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Reports & Research

December 2, 2010

 

UC AAPI MRP report...

New Report Disputes “Model Minority” View of Asian Americans, Finds Some Subgroups Face Barriers

On Thursday, California Assemblymember Mike Eng (D-Monterey Park), Los Angeles Unified School District (LAUSD) Board President Mónica García, Asian Pacific American Legal Center (APALC) executive director Stewart Kwoh, and the UC Asian American and Pacific Islander Policy Multicampus Research Program (UC AAPI Policy MRP), will be holding a press conference to release “The State of Asian American, Native Hawaiian, and Pacific Islander (AANHPI) Education in California” report.

This publication was produced by the UC AAPI MRP in collaboration with Assemblymember Eng. It focuses specifically on the state of Asian American, Native Hawaiian, and Pacific Islander (AANHPI) education in California and highlights the achievements and challenges in public K-12 and public postsecondary education as they relate to AANHPI populations.

The report debunks the “model minority” myth and sheds light on the barriers that impact these ethnic communities which creates disparities in educational attainment.

California has the largest and most diverse Asian American (AA) and Native Hawaiian and Pacific Islander (NHPI) population in the nation.

There has been increasing attention at the federal and state level on the performance of schools and colleges/universities in preparing youth for participation in an information-driven economy and in the nation’s and state’s democratic institutions.  The challenges are great, especially for students from non-dominant racial and cultural communities, including many immigrant groups, which historically have been underserved by our educational systems.

SUMMARY OF MAJOR FINDINGS

1. Contrary to the "model minority" characterization of Asian American, Native Hawaiian, and Pacific Islander educational attainment, there are particular ethnic groups with disproportionately high rates of dropping out of high school and do not have high school diplomas.

  1. Hmong have the largest proportion (45%) in the state with less than a high school diploma among all racial/ethnic groups.
  2. About 40% of Cambodians and Laotians (people originally from Laos) have less than a high school diploma, which is double the state rate.
  3. Over one fifth of Fijians have less than a high school diploma, which is higher than the state as a whole.
  4. Pacific Islander students in grades 9-12 have high dropout rates, with about one-fifth estimated to drop out over a four-year period.

2. Poverty and limited English proficiency alone and together heighten the risk for dropping out of high school and college/university. Most Asian American subgroups are limited English proficient, and specific Asian American, Native Hawaiian, and Pacific Islander subgroups have very high poverty rates.

  1. Over 40% of Vietnamese, Koreans, Hmong, Cambodians, Taiwanese, Chinese, and Laotians report limited English proficiency, which is double the state rate.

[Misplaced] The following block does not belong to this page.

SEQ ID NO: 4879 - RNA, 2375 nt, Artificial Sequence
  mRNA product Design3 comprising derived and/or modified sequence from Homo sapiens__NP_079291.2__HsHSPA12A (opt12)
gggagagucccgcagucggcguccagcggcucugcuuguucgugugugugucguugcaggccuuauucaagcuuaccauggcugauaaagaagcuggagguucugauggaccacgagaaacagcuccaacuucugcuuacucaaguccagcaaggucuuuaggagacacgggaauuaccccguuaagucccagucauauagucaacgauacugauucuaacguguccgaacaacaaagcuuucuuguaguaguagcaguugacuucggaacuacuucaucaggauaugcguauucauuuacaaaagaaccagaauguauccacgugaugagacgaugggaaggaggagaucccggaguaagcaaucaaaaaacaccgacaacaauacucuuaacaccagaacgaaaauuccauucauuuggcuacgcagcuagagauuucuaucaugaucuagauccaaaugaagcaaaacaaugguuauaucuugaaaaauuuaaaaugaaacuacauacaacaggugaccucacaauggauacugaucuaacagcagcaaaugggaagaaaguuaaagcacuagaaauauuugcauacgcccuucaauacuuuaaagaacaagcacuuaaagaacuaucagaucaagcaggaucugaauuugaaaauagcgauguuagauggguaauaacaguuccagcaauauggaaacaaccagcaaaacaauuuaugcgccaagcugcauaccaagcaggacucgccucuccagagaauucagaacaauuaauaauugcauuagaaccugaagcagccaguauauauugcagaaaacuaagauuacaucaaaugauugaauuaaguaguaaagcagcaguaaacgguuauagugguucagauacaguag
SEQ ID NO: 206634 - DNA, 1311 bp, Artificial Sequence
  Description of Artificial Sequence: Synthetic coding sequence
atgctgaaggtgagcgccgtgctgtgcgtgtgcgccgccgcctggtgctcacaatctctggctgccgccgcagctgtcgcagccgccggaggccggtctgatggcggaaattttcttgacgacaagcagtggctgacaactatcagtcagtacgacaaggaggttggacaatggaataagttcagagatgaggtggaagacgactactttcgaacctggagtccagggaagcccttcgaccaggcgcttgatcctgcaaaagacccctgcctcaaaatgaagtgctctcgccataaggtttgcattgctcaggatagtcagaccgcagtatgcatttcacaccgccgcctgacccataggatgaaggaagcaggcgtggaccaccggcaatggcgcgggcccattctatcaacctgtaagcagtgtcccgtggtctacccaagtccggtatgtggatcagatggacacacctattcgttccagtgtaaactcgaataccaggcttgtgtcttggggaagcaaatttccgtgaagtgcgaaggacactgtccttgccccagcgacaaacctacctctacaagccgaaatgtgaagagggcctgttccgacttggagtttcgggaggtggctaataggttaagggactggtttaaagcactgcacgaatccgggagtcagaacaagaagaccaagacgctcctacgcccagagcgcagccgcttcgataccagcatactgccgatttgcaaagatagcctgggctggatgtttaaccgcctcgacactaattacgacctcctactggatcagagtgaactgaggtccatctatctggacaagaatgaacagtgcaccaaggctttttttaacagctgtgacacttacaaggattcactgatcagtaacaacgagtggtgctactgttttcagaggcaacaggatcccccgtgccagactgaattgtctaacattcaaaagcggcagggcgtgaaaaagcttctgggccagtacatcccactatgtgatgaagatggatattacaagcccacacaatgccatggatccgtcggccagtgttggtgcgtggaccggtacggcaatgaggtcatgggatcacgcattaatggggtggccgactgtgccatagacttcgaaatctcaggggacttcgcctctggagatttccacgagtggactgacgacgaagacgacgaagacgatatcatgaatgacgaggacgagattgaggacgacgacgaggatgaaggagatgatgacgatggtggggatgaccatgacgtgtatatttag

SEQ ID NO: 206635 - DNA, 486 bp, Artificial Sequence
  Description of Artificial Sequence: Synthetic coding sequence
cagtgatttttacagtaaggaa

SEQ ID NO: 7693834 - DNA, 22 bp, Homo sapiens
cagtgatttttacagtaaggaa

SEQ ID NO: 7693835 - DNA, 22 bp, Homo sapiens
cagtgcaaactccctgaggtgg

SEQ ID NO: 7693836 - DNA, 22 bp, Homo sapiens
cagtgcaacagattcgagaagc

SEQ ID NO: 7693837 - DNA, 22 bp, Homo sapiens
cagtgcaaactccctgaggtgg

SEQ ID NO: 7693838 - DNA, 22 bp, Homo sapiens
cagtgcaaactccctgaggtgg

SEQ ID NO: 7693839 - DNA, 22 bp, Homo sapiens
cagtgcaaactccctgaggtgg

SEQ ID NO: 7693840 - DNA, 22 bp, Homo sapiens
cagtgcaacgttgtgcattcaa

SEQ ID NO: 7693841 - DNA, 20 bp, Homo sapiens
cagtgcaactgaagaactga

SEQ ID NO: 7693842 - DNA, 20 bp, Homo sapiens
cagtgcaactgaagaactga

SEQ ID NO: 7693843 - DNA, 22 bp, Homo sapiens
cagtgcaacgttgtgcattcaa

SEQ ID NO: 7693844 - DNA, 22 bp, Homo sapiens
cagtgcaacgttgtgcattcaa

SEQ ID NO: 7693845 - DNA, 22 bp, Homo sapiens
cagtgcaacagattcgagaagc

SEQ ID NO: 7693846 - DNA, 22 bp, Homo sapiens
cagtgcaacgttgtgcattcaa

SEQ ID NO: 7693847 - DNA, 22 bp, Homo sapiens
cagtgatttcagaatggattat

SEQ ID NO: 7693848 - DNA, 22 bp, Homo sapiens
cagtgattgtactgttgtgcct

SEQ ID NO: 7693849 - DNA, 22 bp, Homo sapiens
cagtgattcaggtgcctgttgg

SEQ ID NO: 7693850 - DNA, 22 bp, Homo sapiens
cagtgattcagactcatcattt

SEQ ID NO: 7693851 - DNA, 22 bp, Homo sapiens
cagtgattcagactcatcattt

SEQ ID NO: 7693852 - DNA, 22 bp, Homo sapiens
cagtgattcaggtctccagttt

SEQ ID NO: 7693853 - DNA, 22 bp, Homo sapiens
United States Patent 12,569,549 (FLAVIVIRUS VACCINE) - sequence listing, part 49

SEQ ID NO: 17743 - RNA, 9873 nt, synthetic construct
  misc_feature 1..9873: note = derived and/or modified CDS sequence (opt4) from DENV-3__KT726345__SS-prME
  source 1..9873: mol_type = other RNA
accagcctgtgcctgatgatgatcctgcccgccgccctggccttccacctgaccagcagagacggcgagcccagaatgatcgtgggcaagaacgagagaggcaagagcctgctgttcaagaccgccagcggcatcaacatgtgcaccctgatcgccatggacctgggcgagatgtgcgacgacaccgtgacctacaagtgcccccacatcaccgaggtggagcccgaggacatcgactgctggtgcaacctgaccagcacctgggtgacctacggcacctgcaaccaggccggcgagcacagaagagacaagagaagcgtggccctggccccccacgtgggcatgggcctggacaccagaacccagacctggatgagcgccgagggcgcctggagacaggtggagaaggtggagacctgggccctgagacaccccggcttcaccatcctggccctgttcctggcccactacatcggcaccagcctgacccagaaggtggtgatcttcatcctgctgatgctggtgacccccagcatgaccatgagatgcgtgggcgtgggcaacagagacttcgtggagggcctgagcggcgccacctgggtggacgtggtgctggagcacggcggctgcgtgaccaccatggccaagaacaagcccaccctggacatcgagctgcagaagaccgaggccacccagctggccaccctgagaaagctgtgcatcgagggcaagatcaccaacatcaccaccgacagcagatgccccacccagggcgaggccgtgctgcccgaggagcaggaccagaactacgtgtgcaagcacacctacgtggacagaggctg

Other Findings

  1. A quarter of Hmong and Cambodians live in poverty, about double the state rate, and about one fifth of Tongans live in poverty, more than one and a half times the state rate.
  2. Research shows that professional educators who share students’ cultural and linguistic backgrounds bring “culturally responsive instruction and caring-centered pedagogy, together with high expectations and careful alignment with district and state standards.”
  3. The proportion of Asian American, Native Hawaiian, and Pacific Islander professional educators is less, and in some cases, far less than the proportion of Asian American, Native Hawaiian, and Pacific Islander enrolled students in the public K-12 system and postsecondary institutions. Personnel data were not available by racial/ethnic subgroup.
  4. Asians, Filipinos, and Pacific Islanders are 5%-7% of all K-12 personnel in the state, but Asians, Filipinos, and Pacific Islanders are 12% of K-12 student enrollment.
  5. Asians, Filipinos, and Pacific Islanders are 8%-13% of all but one category of California Community Colleges personnel, but Asians, Filipinos, and Pacific Islanders are 16% of California Community College students.
  6. Asians are 9% of Managerial and 15% of Faculty personnel at the California State Universities, but Asians, Filipinos, and Pacific Islanders are 18% of California State University students.
  7. Financial aid is vital but not sufficient for student retention and success for Asian American, Native Hawaiian, and Pacific Islander college students. Data on financial aid were not available by AANHPI subgroup or for the California State Universities, making comparisons difficult if not impossible.
  8. At the California Community Colleges, Pacific Islander students receive the largest scholarships in dollar amount, but Pacific Islander students have lower retention and success rates than most other racial/ethnic groups.
  9. At the University of California, Asian students are the largest group among all racial/ethnic groups with parent income less than $45,000, but though they receive similar dollar amounts in grants as other students, smaller proportions of Asian students receive scholarships compared to other racial/ethnic groups.

The report makes three recommendations:

  1. disaggregated data by AANHPI subgroups are urgently needed;
  2. more data and analysis are needed to determine the obstacles to retention, success, and graduation for AANHPI subgroups; and
  3. pipeline programs to higher education need to target AANHPIs.

Source:  Asian Pacific American Legal Center